The scene is familiar. Too familiar. Frantic parents, kids running hands up from school buildings, law enforcement clearing classrooms where kids were supposed to feel safe.
Yesterday, time froze for hours while we all watched a mass shooting unfold yet again.
My mind immediately snaps back to being 13 years old on April 20th, 1999. Home from school in the afternoon, sitting on the floor of my parents living room with my best friend. We were frozen in terror then too. Frozen in that moment of utter heartbreak.
The scene then was the same. Even then, the scene was familiar. I had seen it a year prior on March 24, 1998 in a small town about an hour away. I saw it 6 months before that, on October 1st, 1997 in another small town. Of course, it was terrible. Unimaginable. But, it kept happening. And it keeps happening 20 years later.
Angry and Tired
We pay attention for a few days, we bury our dead, we hold moments of silence. As if in our moments of reflection, expectations will change. And then, like clockwork, the bodies pile up as a result of our inaction.
I, like so many other mothers who were school age during the Columbine era, am tired. Tired of the excuses. Tired of the carnage. I, like so many others who watched bullets shatter classroom windows decade after decade, am angry. Angry at society. Angry at the gun lobby. Angry at feckless lawmakers. Angry at our inaction.
My generation watches mass shooting after mass shooting unfold on our growing array of devices. We hear the profile. We hear the casualty count. We watch interviews of shaken victims. We say things like “thoughts and prayers.” And yet, nothing changes.
Nothing changed when 20 kindergartners were murdered alongside 6 of their teachers at Sandy Hook. Nothing changed when 49 people were killed inside a nightclub in Orlando. Nothing changed when 58 people died attending a concert on the Vegas strip- the largest mass shooting in US history.
No other country in the world has gun violence at the same rate. According to Everytown for Gun Safety, Americans are 25 times more likely to be killed by gun violence than people in other developed countries. Every day, gun violence kills 96 Americans. So why does nothing change?
Dollars Over Human Life
As a parent, I don’t understand that we’ve accepted our new normal of shielding our kids from these violent scenes replaying over and over. How can we as human beings watch live shots of people being murdered and steel ourselves to inaction?
The reason for our inaction is simple. It’s simple because it comes down to the value of dollars over human life.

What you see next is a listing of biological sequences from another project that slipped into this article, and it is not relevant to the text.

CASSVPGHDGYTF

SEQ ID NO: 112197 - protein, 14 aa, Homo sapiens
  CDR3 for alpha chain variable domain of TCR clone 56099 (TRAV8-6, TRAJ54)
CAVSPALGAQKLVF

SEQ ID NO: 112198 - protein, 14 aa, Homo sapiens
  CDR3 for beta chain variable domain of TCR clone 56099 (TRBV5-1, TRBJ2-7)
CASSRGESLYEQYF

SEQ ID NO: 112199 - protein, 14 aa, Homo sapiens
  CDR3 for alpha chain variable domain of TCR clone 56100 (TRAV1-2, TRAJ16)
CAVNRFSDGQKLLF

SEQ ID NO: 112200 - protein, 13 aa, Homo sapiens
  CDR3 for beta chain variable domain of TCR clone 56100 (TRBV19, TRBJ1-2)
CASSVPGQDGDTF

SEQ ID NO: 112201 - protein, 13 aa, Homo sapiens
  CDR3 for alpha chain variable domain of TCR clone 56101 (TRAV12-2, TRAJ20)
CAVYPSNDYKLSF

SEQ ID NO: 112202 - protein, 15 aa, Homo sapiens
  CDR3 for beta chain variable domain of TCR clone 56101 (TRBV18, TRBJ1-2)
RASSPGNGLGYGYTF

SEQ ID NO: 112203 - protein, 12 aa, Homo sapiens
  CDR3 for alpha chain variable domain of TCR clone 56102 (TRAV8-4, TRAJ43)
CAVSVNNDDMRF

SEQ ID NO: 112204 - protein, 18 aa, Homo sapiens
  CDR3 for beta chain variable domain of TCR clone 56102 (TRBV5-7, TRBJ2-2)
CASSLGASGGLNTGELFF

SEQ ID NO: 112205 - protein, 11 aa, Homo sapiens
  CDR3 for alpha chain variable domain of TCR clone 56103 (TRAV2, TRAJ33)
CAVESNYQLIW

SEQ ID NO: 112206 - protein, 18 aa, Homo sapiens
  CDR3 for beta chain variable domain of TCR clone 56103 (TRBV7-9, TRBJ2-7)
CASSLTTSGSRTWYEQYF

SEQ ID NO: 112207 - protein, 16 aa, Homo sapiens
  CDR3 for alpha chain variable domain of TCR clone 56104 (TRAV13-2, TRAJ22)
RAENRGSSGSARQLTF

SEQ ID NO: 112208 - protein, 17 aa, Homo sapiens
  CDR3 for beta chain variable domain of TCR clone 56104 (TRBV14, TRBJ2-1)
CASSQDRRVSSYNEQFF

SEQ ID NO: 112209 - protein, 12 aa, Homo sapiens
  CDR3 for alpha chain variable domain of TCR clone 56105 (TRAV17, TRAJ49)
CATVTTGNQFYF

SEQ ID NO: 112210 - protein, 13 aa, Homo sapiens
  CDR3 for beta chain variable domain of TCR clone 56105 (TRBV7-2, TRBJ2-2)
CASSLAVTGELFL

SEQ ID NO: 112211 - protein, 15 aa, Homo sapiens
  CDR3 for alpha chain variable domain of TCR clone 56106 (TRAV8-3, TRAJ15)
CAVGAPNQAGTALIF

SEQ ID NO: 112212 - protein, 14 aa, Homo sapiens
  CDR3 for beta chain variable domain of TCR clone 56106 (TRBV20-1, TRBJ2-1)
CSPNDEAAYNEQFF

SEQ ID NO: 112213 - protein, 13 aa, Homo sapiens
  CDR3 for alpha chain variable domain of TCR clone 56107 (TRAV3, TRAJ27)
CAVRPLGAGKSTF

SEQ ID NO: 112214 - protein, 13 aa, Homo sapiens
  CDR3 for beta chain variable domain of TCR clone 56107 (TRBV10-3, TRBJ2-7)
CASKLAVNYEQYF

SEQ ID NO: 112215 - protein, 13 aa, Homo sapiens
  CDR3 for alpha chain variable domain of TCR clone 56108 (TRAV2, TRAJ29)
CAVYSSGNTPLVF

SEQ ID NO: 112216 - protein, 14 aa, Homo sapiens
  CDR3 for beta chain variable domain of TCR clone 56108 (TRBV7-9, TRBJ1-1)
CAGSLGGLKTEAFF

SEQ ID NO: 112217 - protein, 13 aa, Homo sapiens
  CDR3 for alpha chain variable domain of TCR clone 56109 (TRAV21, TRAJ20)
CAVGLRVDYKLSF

According to Politifact, the National Rifle Association has donated $203 million to political activities since 1998. The majority of Americans support common sense gun legislation, but the minority is well funded and well organized. Lawmakers are beholden to the gun lobby via campaign donations and powerful lobbying tactics. There is a chokehold on common sense regarding gun control.
There are arguments upon arguments after every mass shooting. We know them so well. We discuss mental health and parental involvement and bullying. Things like “people kill people, guns don’t kill people” are an accepted piece of our lexicon. A uniquely American lexicon where violence is commonplace.
We pay attention for a few days, we bury our dead, we hold moments of silence. As if in our moments of reflection, expectations will change. And then, like clockwork, the bodies pile up as a result of our inaction. Another mass shooting gets logged in the books.
Steeled to Action
Watching CNN yesterday in the hours following the shooting I was moved by Phillip Mudd, a CNN contributor and former FBI agent. He said simply, “A child of God is dead. Cannot we acknowledge in this country that we can’t — we cannot accept this.” It bowled me over. It’s the truest statement I think I have ever heard following one of these atrocities.
I refuse to accept that this is a zero sum game.
We act as if gun safety is two sides of some cursed coin. As if the 2nd Amendment was written to give us eternal damnation. Rights of a private citizen versus the safety of another. We toss out platitudes as if the parents of a dead child cares.
If as a society we can watch these bloody scenes unfold and not come away steeled to action, what hope is there? If we can recognize a child of God is dead and say we couldn’t have stopped it, what’s the point? I refuse to accept continued mass shootings as my children’s reality. I refuse to accept that this is a zero sum game.
Resources to act now:
http://everytown.org Everytown is a movement of Americans working together to end gun violence and build safer communities. Gun violence touches every town in America. For too long, change has been thwarted by the Washington gun lobby and by leaders who refuse to take common-sense steps that will save lives.
http://www.bradycampaign.org Brady campaign was founded by Jim Brady and his wife Sarah after the assassination attempt on Ronald Reagan in which Brady, Reagan’s press secretary, was shot. The mission of the Brady organization and its Million Mom March is to create a safer America by cutting gun deaths in half by 2025.
https://www.csgv.org Founded in 1974 The Campaign to Stop Gun Violence believes that all Americans have a right to live in communities free from gun violence. We pursue this goal through policy development, strategic engagement, and effective advocacy.
http://sandyhookpromise.org Founded by parents of Sandy Hook Elementary shooting victims, The Sandy Hook Promise’s goal is to prevent gun-related deaths due to crime, suicide and accidental discharge so that no other parent experiences the senseless, horrific loss of their child.